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Xinjiang corps focuses on mission

Updated: 2014-10-03 12:58
By Gao Bo in Urumqi (China Daily USA)

The Xinjiang Production and Construction Corps (XPCC), the semi-military governmental organization that built farms, cities and towns, is strengthening its mission to maintaining national unity and developing the economy, said Cheng Jiazhu, deputy commander of the corps as it marked its 60th anniversary.

Now XPCC is subdivided into 14 divisions, 176 regiments and farms, which guard 2,019 kilometers (1,254 mils) of the borderline. The divisions are scattered in Xinjiang's 14 prefectures and cities. It has the responsibilities for production and security.

While inspecting Xinjiang in April, President Xi Jinping visited XPCC's sixth division. He said more effort is needed to build the corps into a stabilizer for the country's border areas, a melting pot that integrates various ethnic groups, so it can establish a model region showcasing advanced productivity and culture.

Following the initial mission of XPCC, the regiments and farms were all settled in the most remote and wild places, Cheng said, "It was to fulfill the mission of consolidating border defense, also not to scramble resources with locals," he said.

XPCC has made remarkable achievements during the past six decades.

The GDP for XPCC in 2013 was 150 billion yuan ($24.44 billion), 218 times what is was in 1954.

With agriculture being the primary industry of XPCC, the use of farming machinery - which represents the extent of modernized agriculture - reached 92 percent in 2013. XPCC produces 1.46 million tons of cotton, nearly half of the region's and one-fifth of the country's total.

To tackle water shortage, XPCC has developed water-saving irrigation technique since the 1990s. Three quarters of the irrigation area under XPCC was equipped with water-saving irrigation facilities, reaching 12.5 million mu (833,333 hectares) in 2013.

"In this field, XPCC is standing in the front in China, even in the world," said Zhu Xinxiang, director of XPCC's development and reform committee. "Also, the focus on agriculture progressed the industrial development."

Among the 14 listed companies under XPCC, half are related to agriculture. Six pillar industries have been established, including textile, food and drinks, farming machineries, building material, mineral exploration and chemical products. The industries added value reached 42.7 billion yuan in 2013.

XPCC has established seven county-level cities at the headquarters of divisions, which is a good development model for XPCC to attract talent and promote urbanization, said Cheng.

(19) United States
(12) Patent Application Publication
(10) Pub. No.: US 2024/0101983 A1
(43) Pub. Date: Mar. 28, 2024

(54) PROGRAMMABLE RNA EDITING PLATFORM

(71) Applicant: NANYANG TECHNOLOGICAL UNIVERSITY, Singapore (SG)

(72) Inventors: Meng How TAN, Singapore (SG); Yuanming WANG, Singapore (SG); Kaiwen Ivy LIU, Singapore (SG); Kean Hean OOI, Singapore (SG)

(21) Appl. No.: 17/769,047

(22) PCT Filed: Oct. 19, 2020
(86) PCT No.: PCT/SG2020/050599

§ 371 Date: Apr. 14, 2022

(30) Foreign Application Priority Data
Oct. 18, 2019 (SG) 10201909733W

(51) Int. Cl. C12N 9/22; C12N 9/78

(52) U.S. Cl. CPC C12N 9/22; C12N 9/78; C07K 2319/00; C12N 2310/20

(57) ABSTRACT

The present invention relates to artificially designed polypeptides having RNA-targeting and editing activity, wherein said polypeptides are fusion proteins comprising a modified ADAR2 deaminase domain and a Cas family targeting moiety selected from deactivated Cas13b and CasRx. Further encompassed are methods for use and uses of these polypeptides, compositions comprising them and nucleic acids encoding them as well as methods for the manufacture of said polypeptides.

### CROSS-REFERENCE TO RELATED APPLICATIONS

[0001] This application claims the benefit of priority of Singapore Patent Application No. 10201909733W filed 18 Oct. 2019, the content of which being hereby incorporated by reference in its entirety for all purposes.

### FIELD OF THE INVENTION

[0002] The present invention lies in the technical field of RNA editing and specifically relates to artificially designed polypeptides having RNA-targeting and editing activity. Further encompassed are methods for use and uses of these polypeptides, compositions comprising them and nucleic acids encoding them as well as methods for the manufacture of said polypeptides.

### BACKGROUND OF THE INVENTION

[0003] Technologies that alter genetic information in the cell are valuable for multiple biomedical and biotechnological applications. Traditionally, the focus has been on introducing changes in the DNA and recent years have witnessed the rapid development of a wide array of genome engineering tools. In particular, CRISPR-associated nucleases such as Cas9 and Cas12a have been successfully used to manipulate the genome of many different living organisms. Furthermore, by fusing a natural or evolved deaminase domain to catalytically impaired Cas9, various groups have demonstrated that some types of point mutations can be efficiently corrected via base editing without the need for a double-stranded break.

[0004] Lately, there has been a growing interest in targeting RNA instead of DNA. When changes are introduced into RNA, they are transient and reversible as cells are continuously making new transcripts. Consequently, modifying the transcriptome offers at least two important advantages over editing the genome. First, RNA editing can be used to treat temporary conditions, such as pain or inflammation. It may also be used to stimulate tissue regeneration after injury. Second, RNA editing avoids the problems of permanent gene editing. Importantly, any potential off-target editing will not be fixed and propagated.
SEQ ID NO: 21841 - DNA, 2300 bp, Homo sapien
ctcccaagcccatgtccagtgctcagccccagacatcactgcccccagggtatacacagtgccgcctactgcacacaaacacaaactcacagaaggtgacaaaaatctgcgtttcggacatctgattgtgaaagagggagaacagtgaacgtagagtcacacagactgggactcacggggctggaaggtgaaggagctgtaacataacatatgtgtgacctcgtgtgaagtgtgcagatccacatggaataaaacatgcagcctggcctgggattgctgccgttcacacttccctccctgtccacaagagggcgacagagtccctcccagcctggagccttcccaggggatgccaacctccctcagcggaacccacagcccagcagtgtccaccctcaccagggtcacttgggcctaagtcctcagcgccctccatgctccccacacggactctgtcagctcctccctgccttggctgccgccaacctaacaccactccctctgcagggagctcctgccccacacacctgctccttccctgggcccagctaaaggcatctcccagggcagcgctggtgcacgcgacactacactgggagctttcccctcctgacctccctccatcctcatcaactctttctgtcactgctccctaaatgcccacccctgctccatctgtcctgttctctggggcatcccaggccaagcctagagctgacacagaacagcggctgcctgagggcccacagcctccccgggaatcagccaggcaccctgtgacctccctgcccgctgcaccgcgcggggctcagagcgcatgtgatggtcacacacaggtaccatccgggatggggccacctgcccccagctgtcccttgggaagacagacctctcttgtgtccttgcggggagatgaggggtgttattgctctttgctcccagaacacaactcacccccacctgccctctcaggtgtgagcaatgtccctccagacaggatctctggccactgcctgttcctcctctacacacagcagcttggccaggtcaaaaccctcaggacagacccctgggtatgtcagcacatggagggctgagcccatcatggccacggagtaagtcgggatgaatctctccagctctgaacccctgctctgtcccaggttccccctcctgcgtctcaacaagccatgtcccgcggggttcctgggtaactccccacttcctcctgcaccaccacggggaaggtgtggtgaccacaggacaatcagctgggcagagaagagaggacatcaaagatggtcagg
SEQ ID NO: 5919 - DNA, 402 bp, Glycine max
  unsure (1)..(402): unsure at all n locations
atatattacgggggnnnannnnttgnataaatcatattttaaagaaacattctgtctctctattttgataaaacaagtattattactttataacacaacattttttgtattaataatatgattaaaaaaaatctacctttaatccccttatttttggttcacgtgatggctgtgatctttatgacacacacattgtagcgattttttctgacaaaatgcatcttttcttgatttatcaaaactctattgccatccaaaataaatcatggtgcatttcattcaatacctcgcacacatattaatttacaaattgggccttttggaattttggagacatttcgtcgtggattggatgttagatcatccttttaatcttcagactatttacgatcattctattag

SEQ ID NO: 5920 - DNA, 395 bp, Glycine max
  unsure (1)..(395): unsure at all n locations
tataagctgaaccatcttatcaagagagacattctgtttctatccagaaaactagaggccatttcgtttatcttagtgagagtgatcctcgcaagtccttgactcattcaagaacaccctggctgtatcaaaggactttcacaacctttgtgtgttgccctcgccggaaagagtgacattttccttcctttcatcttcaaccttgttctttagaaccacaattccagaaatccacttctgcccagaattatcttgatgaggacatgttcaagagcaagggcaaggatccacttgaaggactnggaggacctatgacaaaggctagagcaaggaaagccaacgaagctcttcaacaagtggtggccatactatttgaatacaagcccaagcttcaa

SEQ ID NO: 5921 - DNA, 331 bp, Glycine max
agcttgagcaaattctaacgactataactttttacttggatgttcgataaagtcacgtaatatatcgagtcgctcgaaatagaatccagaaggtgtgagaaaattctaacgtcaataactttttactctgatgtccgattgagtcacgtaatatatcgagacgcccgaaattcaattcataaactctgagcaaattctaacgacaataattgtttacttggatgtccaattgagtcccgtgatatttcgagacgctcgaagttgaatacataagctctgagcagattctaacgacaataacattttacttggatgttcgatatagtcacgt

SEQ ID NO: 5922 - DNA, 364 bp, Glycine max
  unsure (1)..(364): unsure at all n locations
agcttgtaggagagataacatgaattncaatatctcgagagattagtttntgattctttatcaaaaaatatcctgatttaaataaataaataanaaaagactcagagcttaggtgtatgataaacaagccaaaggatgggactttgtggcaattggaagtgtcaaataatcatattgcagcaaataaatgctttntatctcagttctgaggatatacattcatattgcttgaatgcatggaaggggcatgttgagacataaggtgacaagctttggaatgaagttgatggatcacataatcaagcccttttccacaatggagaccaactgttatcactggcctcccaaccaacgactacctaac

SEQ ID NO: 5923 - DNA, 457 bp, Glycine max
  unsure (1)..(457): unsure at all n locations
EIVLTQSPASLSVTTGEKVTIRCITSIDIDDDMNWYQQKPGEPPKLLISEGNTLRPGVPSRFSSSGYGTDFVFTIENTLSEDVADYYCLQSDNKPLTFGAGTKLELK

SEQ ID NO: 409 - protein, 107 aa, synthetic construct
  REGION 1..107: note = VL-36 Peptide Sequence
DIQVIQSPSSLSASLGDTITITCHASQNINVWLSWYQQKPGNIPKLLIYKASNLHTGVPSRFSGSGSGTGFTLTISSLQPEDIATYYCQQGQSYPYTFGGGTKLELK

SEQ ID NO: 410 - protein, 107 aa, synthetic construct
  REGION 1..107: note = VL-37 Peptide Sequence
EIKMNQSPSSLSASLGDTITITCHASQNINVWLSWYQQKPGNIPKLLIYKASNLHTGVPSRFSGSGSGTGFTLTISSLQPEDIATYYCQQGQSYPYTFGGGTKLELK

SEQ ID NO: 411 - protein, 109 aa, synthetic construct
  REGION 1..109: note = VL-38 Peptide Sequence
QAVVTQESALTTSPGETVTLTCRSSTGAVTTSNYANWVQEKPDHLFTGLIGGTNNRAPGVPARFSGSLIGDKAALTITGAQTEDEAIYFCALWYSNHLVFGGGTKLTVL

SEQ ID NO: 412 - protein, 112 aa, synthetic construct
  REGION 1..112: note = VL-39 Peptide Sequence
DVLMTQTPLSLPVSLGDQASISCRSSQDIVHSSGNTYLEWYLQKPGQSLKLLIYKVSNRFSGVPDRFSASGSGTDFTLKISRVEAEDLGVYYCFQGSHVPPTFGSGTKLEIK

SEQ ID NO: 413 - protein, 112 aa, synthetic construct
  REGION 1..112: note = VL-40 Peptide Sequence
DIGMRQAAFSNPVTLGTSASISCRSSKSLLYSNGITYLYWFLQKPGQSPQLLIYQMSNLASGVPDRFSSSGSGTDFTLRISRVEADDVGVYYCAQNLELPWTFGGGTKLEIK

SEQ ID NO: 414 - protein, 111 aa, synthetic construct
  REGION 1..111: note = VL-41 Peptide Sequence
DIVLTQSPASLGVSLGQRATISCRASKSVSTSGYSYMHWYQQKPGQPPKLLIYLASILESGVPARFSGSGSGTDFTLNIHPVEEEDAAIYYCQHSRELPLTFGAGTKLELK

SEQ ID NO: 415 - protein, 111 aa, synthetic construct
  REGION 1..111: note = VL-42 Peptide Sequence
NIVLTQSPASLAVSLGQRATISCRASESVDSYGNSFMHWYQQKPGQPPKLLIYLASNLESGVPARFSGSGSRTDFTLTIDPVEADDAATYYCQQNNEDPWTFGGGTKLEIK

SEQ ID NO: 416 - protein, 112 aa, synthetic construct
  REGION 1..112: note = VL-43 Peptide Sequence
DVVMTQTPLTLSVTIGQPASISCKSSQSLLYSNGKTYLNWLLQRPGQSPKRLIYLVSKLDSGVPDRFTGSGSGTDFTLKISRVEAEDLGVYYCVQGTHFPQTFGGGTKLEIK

The corps was under the command of the People's Liberation Army (PLA) when it was founded in 1954. Its mission was to develop frontier regions, promote economic development, ensure social stability and ethnic harmony, and consolidate border defense. It was drawn from the traditional reclamation and settlement system, a policy of settling military units in frontier areas so that they become self-sufficient in food in the Tang and Qing dynasties.

In the next 20 years, XPCC developed rapidly from 175,000 soldiers to more than 2.2 million. "Talented people with passion and dreams were attracted to the region, in spite of the area being barren," Cheng said.

XPCC was disbanded in 1975 and re-founded in 1982. It was separated from the PLA and became a unit administered by the central government and the Xinjiang Uygur autonomous region.

When XPCC was disbanded, many talented members went back to their hometown and was a great loss to Xinjiang, said Cheng, "The separatists' activities in Xinjiang caused the central government to make the decision of re-establishing XPCC," he said.

An exhibition commemorating the 60th anniversary of XPCC opened on Aug 15 at the National Museum of China in Beijing.

The exhibition, called Reclamation Endeavors and the Chinese Dream, features more than 160 cultural relics and some 200 photos reflecting the development of the XPCC by several generations.

"Today's prosperity of Xinjiang is built on the basis of yesterday's endeavors," said Wang Lei, son of Wang Hanxing, who founded the XPCC with Wang Zhen in 1954.

Wang Lei was born in 1942 and moved to Xinjiang with his father's troops in 1949. He witnessed and experienced the foundation of XPCC as a child.

"I lived in Xinjiang for more than 20 years," Wang said, "There is no other place that I would want to go to over and over again other than Xinjiang ... Behind each photo and cultural relic here, there is a moving story showing XPCC's loyalty to the country, selfless devotion, hard work and enterprising spirit," he added.

Xinjiang corps focuses on mission

The factory floor of a textile company at an economic and technological development zone of the Xinjiang Production and Construction Corps. Gao Bo / China Daily

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